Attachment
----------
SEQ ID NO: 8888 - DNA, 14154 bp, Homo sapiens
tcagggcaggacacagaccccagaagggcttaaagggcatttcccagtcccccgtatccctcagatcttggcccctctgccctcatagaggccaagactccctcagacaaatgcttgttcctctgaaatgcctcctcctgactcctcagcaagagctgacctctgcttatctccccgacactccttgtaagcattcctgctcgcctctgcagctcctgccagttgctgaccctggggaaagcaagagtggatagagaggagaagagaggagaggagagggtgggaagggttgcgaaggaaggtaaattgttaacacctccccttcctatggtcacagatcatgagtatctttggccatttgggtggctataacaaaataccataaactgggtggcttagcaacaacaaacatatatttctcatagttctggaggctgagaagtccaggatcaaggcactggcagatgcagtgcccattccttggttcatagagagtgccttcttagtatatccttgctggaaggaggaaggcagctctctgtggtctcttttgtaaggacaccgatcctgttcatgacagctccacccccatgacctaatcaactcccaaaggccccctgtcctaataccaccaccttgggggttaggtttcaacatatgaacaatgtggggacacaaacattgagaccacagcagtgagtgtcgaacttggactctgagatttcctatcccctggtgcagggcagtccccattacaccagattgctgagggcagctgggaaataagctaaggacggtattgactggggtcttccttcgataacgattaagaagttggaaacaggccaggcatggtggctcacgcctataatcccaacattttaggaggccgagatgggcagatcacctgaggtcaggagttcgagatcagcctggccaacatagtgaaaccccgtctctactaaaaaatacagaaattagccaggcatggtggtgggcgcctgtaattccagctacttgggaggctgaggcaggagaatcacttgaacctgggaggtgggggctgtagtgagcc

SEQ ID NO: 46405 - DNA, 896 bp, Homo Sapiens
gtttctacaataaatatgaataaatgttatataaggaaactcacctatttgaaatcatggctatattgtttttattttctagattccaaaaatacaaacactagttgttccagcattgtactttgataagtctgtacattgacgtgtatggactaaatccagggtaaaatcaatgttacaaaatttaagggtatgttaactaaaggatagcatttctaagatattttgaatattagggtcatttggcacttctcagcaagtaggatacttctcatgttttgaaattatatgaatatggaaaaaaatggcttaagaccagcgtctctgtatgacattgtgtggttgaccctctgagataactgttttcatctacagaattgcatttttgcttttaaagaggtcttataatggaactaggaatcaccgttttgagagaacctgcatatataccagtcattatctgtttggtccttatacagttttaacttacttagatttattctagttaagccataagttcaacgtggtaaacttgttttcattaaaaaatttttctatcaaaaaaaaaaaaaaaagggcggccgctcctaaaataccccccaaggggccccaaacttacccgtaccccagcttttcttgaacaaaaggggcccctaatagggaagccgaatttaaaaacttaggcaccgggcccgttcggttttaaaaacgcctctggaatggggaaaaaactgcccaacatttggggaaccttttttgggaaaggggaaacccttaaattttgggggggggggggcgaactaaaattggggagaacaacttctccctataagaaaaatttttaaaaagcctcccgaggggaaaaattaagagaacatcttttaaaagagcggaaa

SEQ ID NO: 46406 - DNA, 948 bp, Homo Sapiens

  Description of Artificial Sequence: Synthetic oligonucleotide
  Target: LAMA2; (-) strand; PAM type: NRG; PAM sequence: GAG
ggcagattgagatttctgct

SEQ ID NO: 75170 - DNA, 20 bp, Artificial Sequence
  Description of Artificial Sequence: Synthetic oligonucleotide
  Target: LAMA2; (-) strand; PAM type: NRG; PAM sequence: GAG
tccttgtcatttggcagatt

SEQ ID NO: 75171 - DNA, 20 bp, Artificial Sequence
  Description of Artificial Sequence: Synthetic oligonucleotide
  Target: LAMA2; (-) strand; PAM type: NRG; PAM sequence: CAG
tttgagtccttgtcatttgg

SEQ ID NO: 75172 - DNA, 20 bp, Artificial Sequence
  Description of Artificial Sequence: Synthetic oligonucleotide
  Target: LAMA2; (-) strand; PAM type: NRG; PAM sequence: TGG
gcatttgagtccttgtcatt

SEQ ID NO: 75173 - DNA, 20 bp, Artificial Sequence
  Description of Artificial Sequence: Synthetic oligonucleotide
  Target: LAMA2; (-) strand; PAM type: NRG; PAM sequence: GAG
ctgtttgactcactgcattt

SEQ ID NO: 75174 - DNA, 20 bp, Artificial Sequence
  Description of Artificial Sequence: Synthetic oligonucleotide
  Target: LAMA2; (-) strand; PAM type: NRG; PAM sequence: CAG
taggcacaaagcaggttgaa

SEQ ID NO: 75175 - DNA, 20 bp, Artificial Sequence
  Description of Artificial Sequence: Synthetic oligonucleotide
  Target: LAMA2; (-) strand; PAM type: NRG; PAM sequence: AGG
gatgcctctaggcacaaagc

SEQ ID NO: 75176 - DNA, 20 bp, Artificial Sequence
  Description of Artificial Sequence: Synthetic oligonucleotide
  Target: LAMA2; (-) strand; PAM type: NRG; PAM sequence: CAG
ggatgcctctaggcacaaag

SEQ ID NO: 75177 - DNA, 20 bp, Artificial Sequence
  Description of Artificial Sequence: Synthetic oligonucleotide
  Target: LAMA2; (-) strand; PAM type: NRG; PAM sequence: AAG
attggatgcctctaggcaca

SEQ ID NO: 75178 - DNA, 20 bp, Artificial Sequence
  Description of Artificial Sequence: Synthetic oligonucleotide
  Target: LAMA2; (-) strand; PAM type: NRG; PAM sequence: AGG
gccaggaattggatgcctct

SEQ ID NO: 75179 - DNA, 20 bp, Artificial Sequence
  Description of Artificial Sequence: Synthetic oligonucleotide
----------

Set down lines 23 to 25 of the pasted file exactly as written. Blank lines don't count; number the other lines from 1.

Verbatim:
  Target: LAMA2; (-) strand; PAM type: NRG; PAM sequence: GAG
ctgtttgactcactgcattt

SEQ ID NO: 75174 - DNA, 20 bp, Artificial Sequence